A church communication strategy checklist could be very long for most churches! In fact, trying to get communication correct (for any organization) is a customized, difficult task. Why? Because every church’s audience is quite different, with different needs. Combine that with the multiple ministries you can offer.
It’s difficult to get all the pieces effectively done.
So, for a communication strategy, let’s concentrate on foundational areas that will help you create an effective church communication strategy. What does that actually mean? That you’re communicating enough to your congregation while also reaching outside so your community’s aware of your ministries, events, and the Gospel message. It’s not a simple thing.
Here are the basic areas you need to understand:
☐ Define Personas. For your church communication strategy checklist, personas are the most critical since everything builds on them. You need to define stereotypical groups you need to communicate with (congregation and community). Start with demographics of your community and compare the numbers to your members. Create primary and secondary groups that encompass most. Concentrate on their needs, concerns, and goals. Include spiritual, but think about what keeps them up at night.
☐ Ministry Solutions. Now get their attention. Call your personas by name (one they’ll recognize; i.e. young parent) and speak about their pains. Then to get them to engage, offer ministries that solve their issues or help lead them to a desired goal. The majority of your ministries and events need to connect as a solution. It may be time to eliminate some struggling ministries.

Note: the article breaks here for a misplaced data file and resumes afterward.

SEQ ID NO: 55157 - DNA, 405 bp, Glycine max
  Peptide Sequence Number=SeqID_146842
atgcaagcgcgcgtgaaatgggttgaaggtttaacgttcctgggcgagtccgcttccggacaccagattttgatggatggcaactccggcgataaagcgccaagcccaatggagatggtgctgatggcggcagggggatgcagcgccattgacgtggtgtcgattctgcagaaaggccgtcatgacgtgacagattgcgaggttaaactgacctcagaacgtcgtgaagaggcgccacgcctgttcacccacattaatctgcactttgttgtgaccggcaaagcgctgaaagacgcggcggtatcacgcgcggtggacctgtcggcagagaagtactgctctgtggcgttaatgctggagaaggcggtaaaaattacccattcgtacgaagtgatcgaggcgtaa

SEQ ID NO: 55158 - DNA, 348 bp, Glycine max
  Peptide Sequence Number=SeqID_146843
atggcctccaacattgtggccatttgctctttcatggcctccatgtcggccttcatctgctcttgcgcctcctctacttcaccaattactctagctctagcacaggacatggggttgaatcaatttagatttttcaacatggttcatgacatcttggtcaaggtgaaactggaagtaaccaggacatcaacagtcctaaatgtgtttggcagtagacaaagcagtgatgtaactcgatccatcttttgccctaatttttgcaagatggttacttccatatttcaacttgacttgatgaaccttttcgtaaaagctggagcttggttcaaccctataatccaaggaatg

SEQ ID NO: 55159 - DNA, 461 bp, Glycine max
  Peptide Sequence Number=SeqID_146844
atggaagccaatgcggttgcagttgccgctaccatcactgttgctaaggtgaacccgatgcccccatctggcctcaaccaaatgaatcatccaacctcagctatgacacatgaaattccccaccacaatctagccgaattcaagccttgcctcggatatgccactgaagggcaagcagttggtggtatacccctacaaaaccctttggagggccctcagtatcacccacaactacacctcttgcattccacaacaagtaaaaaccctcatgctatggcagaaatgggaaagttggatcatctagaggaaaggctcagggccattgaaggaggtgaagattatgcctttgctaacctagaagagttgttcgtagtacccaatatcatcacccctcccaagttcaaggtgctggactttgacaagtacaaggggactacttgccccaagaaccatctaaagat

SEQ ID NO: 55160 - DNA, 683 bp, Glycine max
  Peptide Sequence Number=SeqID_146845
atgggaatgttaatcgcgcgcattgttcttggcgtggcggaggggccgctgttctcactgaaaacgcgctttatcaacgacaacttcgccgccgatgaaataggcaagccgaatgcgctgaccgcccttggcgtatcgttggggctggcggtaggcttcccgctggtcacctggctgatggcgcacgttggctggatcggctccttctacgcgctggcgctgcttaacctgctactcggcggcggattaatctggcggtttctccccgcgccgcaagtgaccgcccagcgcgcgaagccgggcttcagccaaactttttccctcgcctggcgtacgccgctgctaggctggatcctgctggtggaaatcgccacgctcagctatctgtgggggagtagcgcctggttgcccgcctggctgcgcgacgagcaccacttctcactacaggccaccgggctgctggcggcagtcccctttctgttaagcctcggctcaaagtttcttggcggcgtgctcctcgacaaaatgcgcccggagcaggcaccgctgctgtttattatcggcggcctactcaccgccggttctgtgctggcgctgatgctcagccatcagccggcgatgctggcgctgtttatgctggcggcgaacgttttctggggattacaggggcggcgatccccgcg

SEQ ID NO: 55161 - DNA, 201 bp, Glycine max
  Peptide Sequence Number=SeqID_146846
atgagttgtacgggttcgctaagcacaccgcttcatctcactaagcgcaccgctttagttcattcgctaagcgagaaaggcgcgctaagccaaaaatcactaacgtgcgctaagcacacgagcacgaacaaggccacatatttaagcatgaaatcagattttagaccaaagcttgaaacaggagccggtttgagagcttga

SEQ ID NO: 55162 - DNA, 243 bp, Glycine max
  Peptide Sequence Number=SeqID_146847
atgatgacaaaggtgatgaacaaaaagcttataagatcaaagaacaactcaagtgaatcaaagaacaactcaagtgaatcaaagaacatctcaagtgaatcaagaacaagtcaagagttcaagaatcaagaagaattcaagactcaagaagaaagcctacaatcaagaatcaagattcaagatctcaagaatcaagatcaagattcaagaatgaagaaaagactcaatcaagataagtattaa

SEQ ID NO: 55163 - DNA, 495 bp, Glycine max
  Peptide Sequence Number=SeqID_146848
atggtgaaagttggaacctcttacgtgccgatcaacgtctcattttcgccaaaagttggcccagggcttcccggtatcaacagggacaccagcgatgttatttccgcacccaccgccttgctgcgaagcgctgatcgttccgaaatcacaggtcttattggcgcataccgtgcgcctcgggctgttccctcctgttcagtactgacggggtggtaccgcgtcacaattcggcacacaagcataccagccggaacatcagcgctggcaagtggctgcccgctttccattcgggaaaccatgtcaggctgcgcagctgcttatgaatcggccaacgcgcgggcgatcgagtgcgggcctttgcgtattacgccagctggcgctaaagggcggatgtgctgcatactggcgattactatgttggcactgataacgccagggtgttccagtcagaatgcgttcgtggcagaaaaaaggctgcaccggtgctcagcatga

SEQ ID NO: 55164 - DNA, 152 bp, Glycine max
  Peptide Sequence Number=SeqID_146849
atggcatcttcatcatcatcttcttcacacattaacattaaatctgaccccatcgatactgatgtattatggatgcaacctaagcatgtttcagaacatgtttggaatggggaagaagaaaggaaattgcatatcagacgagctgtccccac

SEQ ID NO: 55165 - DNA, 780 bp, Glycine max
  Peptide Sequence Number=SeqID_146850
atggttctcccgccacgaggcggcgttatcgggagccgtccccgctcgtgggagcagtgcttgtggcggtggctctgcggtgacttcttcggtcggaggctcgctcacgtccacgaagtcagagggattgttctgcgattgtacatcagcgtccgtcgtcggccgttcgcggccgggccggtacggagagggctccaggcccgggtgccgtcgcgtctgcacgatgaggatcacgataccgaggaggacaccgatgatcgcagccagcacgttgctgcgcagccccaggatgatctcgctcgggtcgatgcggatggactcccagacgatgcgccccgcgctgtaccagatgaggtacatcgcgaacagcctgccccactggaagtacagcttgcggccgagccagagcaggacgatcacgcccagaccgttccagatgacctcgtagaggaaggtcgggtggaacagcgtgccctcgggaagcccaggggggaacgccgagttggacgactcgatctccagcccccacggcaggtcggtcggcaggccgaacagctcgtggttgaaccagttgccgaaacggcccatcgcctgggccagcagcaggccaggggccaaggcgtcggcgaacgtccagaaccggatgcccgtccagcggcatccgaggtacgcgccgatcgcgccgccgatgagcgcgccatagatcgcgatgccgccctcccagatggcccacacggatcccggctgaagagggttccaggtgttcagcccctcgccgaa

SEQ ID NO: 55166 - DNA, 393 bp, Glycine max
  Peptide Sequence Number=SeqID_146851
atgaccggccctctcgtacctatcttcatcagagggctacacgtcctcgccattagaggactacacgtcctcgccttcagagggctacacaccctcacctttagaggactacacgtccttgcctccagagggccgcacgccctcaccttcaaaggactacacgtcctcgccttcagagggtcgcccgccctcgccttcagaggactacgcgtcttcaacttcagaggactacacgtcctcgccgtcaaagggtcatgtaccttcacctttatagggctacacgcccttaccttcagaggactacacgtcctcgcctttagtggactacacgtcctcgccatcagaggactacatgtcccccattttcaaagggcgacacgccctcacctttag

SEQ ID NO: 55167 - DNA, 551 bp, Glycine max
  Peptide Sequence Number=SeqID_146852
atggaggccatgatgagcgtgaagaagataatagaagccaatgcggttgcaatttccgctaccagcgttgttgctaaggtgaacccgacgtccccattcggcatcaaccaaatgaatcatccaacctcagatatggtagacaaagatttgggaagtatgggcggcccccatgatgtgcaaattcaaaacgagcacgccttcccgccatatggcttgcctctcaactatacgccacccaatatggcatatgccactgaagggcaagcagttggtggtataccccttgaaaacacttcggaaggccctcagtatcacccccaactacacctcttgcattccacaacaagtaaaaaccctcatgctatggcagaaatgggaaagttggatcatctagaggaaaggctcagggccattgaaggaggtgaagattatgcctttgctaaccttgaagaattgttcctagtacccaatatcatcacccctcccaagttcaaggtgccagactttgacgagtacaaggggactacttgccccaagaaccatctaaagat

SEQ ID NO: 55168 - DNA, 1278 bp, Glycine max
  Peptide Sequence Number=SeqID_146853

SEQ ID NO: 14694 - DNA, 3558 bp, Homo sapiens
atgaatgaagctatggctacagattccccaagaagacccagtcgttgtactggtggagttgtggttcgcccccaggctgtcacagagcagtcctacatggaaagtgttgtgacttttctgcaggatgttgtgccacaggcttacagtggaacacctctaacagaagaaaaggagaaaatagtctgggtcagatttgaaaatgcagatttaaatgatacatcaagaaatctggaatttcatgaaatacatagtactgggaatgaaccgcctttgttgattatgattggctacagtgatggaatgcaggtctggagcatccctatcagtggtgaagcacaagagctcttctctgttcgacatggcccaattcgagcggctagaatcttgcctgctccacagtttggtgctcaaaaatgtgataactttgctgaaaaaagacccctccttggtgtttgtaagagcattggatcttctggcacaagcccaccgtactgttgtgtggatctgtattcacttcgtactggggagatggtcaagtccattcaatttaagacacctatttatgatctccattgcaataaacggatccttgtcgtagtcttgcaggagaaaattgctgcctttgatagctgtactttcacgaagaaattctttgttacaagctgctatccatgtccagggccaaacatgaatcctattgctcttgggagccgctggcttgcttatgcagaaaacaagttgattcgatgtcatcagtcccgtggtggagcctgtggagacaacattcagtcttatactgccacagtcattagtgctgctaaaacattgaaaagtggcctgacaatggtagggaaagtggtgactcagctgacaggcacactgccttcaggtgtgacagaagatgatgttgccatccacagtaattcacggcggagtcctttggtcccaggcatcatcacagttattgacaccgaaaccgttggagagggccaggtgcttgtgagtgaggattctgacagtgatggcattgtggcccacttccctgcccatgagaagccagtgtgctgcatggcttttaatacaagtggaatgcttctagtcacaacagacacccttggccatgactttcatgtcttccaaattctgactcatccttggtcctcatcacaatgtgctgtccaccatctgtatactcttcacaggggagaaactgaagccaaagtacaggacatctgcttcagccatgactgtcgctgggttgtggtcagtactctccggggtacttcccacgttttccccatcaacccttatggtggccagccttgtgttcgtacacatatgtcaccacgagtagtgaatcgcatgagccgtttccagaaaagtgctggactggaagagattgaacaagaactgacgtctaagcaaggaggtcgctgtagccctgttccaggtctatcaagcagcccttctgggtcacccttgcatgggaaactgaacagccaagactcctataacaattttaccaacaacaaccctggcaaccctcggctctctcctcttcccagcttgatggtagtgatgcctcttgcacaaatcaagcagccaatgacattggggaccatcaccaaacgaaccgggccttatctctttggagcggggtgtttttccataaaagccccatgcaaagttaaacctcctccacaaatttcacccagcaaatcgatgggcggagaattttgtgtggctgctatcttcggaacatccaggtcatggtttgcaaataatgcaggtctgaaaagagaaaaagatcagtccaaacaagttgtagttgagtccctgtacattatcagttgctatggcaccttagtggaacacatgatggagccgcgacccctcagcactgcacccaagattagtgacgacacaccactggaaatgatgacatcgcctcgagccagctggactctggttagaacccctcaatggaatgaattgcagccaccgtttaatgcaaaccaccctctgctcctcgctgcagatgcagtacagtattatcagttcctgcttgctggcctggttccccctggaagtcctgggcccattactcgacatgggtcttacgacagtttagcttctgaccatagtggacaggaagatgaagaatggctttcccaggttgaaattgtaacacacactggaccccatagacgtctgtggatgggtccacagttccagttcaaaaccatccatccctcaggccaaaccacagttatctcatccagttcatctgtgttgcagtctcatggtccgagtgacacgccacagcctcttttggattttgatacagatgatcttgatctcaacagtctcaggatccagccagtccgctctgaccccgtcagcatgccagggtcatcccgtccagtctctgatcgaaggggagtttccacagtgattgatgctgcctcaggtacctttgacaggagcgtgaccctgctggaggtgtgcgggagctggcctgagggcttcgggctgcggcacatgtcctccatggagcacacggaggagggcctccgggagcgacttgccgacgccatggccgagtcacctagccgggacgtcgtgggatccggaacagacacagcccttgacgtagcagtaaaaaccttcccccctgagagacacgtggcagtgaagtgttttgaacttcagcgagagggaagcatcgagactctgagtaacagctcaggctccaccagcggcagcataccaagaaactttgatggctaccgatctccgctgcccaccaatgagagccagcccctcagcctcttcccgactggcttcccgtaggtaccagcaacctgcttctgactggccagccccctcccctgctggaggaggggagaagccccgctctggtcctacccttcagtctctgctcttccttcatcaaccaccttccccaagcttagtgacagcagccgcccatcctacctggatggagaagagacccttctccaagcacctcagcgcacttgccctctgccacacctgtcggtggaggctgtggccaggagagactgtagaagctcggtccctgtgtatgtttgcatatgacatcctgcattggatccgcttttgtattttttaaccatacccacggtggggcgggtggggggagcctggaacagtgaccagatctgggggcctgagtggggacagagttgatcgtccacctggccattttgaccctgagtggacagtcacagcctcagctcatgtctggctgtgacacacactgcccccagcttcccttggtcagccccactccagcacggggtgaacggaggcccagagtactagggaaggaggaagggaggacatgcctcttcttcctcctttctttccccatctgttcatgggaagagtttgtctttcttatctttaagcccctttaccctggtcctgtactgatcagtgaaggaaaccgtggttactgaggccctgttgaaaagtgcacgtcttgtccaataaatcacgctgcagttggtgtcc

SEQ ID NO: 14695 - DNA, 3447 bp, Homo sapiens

☐ Communication Tiers. Every ministry can’t have the loudest voice — or it will cause noise. Based on how many need to hear about the event, create tiers. Tier one: 85+% of the entire church should be interested (i.e. all-church picnic). Tier two: 85+% of individual ministries (i.e. Student ministry). Tier three: events reaching <85% of ministries (i.e. Sunday school class). Give priority to tier 1 and 2; limit tier 3. Or prioritize announcements from tier 1, to tier 2, and (if required) then tier 3.
☐ Unified Calendar. Set up one calendar that someone oversees. Ensure those creating events has access. Make sure ALL church and community events are on the calendar (since they affect your audience). Solve competing events and extra-busy times that will tax your families.
☐ Limited Channels and Tools. Determine needed tools and channels that’ll help get your message out. Be consistent with each (time, content, design). Your website must have ALL event and ministry details; but every other channel and tool (social, email, print) doesn’t need all the content. Less is more!
☐ Enough Team. Most local churches need a team to pull a communication strategy checklist off without dropping the ball. It can be volunteer-based but you need someone to hold everyone accountable.